Mother’s Day: The Promise

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FullSizeRender 2The oldest yearns for support, appreciation, and encouragement for his creativity.  The middle yearns for constant presence and companionship.  The youngest yearns for basic needs and safety.  Ultimately, their hearts yearn for our God who covenants with God’s people to offer purpose, belonging, and refuge.  They seek The Promise.

My world revolves around The Promise.  I am its steward who dispenses The Promise.  I am its agent who puts The Promise in action.  I am its incarnation whose very physical being embodies The Promise.  I am created in the image of The Promise.  I am a mother.

In pregnancy, mothers hold The Promise close to their hearts as the body nurtures life in its most fragile state.  In childbirth, mothers usher in The Promise through their deep groans and deep breaths.  In infancy, mothers activate The Promise as they respond to cries and feed the infant into being.  In parenting, mothers enact The Promise as we prepare them to enter the community gifted and gifting the world.

Through it all, we place our bodies, minds, and souls in the hands of the Promise-Maker.  We feel the responsibility deep within our bones.  We lose ourselves.  We find ourselves.  Just as one cannot see God face-to-face and live, one cannot enact The Promise without being broken in the process.  Embodying and enacting The Promise breaks us wide open and wounds us because the task goes beyond our human capacities.

The Promise is one that I, as a human mother, can make but can never keep in its totality.  There are no amount of days I can stay at home from work, hours that I can neglect the laundry, and minutes that I can give up sleep in order to give my children the full purpose, belonging, and refuge that they desire.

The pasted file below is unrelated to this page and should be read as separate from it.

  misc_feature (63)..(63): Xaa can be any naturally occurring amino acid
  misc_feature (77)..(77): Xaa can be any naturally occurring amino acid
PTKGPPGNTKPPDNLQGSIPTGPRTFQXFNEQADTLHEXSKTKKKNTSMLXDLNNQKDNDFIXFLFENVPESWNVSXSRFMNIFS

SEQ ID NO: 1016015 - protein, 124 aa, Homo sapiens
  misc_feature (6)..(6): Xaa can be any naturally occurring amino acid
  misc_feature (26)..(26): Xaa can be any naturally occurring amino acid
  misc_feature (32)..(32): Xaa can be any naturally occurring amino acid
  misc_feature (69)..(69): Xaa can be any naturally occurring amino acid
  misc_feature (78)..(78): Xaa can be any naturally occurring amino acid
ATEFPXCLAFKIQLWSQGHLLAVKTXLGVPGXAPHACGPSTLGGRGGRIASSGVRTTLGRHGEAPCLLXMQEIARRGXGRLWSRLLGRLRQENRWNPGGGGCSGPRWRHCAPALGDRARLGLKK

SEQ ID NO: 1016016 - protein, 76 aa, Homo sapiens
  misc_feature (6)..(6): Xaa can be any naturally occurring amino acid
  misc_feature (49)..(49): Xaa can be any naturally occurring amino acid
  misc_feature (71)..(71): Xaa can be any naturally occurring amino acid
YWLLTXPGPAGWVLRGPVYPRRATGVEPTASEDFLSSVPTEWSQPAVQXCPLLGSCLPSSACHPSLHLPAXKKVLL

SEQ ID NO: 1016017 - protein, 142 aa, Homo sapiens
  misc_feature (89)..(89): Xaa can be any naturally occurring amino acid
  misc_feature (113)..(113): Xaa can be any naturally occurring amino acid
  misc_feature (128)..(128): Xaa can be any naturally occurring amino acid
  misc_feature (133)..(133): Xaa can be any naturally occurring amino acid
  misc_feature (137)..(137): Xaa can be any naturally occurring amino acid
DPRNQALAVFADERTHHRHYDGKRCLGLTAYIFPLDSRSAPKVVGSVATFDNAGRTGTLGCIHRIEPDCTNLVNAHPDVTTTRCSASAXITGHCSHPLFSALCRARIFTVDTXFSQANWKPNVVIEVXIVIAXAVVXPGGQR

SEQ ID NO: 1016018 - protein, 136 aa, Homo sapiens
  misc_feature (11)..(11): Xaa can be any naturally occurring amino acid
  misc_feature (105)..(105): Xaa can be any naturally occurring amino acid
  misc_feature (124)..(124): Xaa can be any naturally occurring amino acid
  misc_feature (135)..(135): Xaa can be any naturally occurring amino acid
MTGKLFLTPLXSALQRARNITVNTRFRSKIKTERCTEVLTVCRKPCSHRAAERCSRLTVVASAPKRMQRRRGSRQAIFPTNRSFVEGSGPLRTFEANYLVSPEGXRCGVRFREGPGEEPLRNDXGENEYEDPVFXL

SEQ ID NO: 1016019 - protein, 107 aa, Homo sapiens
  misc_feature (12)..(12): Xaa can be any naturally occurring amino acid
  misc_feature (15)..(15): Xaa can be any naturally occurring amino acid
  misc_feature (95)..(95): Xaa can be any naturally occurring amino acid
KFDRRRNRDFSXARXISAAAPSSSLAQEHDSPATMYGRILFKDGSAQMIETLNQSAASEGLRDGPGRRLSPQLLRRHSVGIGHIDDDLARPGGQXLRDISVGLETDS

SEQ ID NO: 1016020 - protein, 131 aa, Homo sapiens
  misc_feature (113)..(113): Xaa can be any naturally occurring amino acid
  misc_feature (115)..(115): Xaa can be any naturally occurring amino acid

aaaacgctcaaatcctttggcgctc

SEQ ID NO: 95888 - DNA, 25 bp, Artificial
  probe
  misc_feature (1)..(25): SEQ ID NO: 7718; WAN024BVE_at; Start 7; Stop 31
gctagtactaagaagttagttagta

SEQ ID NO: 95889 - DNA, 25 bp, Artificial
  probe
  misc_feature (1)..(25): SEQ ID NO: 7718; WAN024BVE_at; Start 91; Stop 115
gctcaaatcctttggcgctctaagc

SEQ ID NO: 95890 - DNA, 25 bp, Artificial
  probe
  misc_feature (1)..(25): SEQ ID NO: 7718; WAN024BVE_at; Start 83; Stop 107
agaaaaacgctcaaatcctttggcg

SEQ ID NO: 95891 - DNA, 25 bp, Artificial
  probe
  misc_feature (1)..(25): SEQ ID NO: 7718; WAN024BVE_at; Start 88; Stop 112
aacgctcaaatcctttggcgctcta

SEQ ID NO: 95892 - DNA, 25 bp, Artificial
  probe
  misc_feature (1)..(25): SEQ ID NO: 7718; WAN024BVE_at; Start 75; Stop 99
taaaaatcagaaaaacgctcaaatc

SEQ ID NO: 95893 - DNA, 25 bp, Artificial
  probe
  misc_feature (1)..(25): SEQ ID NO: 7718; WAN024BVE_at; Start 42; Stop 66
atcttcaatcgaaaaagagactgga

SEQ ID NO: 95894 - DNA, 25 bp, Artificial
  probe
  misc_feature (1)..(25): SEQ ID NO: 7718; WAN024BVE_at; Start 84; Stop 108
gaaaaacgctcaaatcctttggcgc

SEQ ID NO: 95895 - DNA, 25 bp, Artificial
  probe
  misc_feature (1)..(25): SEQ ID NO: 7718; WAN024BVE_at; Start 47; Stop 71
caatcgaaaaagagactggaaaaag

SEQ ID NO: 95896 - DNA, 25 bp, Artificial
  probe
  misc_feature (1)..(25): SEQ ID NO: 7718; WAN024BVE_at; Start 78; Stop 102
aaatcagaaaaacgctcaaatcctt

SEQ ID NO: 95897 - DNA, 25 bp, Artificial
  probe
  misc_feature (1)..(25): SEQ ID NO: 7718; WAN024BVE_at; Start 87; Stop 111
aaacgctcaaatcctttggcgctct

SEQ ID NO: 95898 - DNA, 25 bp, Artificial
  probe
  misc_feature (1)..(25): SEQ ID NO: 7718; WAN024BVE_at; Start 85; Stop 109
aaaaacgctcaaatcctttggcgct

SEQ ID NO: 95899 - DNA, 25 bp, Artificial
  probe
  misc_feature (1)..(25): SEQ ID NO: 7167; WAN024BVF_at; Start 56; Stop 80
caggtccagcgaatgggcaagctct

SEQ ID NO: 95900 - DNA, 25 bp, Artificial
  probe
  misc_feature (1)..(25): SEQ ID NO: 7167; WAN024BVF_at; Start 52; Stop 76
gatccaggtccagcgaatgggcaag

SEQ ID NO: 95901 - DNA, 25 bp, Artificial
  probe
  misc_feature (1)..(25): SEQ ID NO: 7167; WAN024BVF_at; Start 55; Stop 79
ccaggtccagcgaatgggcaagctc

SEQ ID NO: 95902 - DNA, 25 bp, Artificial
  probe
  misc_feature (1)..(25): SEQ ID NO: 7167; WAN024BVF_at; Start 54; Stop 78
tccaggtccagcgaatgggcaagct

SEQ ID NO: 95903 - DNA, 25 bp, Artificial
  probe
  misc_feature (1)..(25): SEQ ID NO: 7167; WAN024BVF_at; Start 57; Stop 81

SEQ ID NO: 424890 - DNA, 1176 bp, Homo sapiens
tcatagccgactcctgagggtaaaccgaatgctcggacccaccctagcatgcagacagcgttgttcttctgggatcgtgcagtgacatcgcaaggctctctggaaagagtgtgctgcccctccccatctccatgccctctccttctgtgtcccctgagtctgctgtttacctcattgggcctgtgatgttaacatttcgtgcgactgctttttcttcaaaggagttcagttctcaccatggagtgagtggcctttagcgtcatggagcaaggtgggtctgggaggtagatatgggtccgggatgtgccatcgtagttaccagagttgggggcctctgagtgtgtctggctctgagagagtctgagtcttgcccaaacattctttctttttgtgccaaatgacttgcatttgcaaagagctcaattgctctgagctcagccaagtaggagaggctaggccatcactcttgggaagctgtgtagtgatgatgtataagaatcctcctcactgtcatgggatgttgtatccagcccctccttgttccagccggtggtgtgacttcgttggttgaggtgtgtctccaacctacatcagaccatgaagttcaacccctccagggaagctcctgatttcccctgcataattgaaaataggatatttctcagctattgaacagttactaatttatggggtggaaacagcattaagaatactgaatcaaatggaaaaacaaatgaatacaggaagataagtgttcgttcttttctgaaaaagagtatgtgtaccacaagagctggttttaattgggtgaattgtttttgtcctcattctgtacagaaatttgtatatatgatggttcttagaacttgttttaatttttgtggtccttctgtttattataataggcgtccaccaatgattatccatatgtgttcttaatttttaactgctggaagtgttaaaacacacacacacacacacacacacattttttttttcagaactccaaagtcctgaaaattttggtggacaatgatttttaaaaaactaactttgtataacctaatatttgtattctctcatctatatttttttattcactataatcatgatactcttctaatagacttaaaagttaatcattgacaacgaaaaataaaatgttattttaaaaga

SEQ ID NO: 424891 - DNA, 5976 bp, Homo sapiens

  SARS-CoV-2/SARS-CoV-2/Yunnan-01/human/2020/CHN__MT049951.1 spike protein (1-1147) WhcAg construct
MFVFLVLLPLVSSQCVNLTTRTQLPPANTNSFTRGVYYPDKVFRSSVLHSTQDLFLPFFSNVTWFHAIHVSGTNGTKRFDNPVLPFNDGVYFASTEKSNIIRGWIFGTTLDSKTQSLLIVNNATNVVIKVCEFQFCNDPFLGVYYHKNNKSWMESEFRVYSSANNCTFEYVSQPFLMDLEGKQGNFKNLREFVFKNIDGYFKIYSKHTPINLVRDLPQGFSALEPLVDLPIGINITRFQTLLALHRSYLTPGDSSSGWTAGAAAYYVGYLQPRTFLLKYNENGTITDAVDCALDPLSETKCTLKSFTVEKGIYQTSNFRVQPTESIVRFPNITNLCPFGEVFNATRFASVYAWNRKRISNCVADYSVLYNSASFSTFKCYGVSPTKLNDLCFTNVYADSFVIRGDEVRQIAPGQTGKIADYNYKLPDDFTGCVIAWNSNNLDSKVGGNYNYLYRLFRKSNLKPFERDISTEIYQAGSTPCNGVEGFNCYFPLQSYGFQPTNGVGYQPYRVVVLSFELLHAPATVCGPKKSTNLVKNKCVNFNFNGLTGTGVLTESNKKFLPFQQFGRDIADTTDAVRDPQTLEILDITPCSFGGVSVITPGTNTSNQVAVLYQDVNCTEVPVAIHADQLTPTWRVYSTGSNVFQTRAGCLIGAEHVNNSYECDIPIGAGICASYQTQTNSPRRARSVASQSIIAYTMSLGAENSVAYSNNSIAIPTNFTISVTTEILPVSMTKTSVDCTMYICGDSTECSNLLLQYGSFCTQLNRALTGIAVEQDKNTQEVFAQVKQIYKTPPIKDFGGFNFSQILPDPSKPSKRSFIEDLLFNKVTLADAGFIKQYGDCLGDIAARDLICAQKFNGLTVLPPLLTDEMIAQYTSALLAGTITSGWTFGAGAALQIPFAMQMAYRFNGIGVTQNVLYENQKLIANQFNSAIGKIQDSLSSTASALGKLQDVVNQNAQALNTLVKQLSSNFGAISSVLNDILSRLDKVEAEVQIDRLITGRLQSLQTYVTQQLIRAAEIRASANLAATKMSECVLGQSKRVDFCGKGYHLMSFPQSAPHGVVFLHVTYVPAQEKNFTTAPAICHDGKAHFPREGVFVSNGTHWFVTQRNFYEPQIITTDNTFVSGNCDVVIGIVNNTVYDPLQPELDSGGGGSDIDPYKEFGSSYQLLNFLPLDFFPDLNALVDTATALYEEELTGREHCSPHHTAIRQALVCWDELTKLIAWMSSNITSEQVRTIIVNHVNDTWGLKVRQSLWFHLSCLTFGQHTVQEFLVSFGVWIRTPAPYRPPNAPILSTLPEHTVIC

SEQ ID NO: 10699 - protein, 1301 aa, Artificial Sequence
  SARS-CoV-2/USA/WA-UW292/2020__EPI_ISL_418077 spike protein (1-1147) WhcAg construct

This Mother’s Day, I name the glory of The Promise and the wonder of my participation within it.  My human pride would have me believe that I am responsible for the fulfillment of The Promise.  “Mommy guilt” is the nagging voice that tells me that I am tasked with the completing of The Promise.  It dethrones God and denies God as the true Promise-Maker and only Promise-Completer.

God makes The Promise.  I participate in it, imperfectly.

Failure is not only possible, it is unavoidable.  My finitude, transience, and contingency do not make me a bad mom.  They make me a mom whose children can ultimately find their way home to God where The Promise can be completed.

Mercy enables me to participate in The Promise through daily actions.
Grace enables me to embody The Promise through gestures of love.
Forgiveness enables me to persist in The Promise when I fail.

Like Mary, I welcome The Promise and I say, “Let it be.”  I pause and I give thanks.  I shake off my shame of being unable to carry the full weight of it.  I do my part and I remember The Promise that holds me, too.  It is The Promise that my mother embodied for me.  It is The Promise her mother embodied for her.

And so on and so on, mothers plant The Promise and bless God’s people forward to find their home with The Promise-Maker and Promise-Completer.

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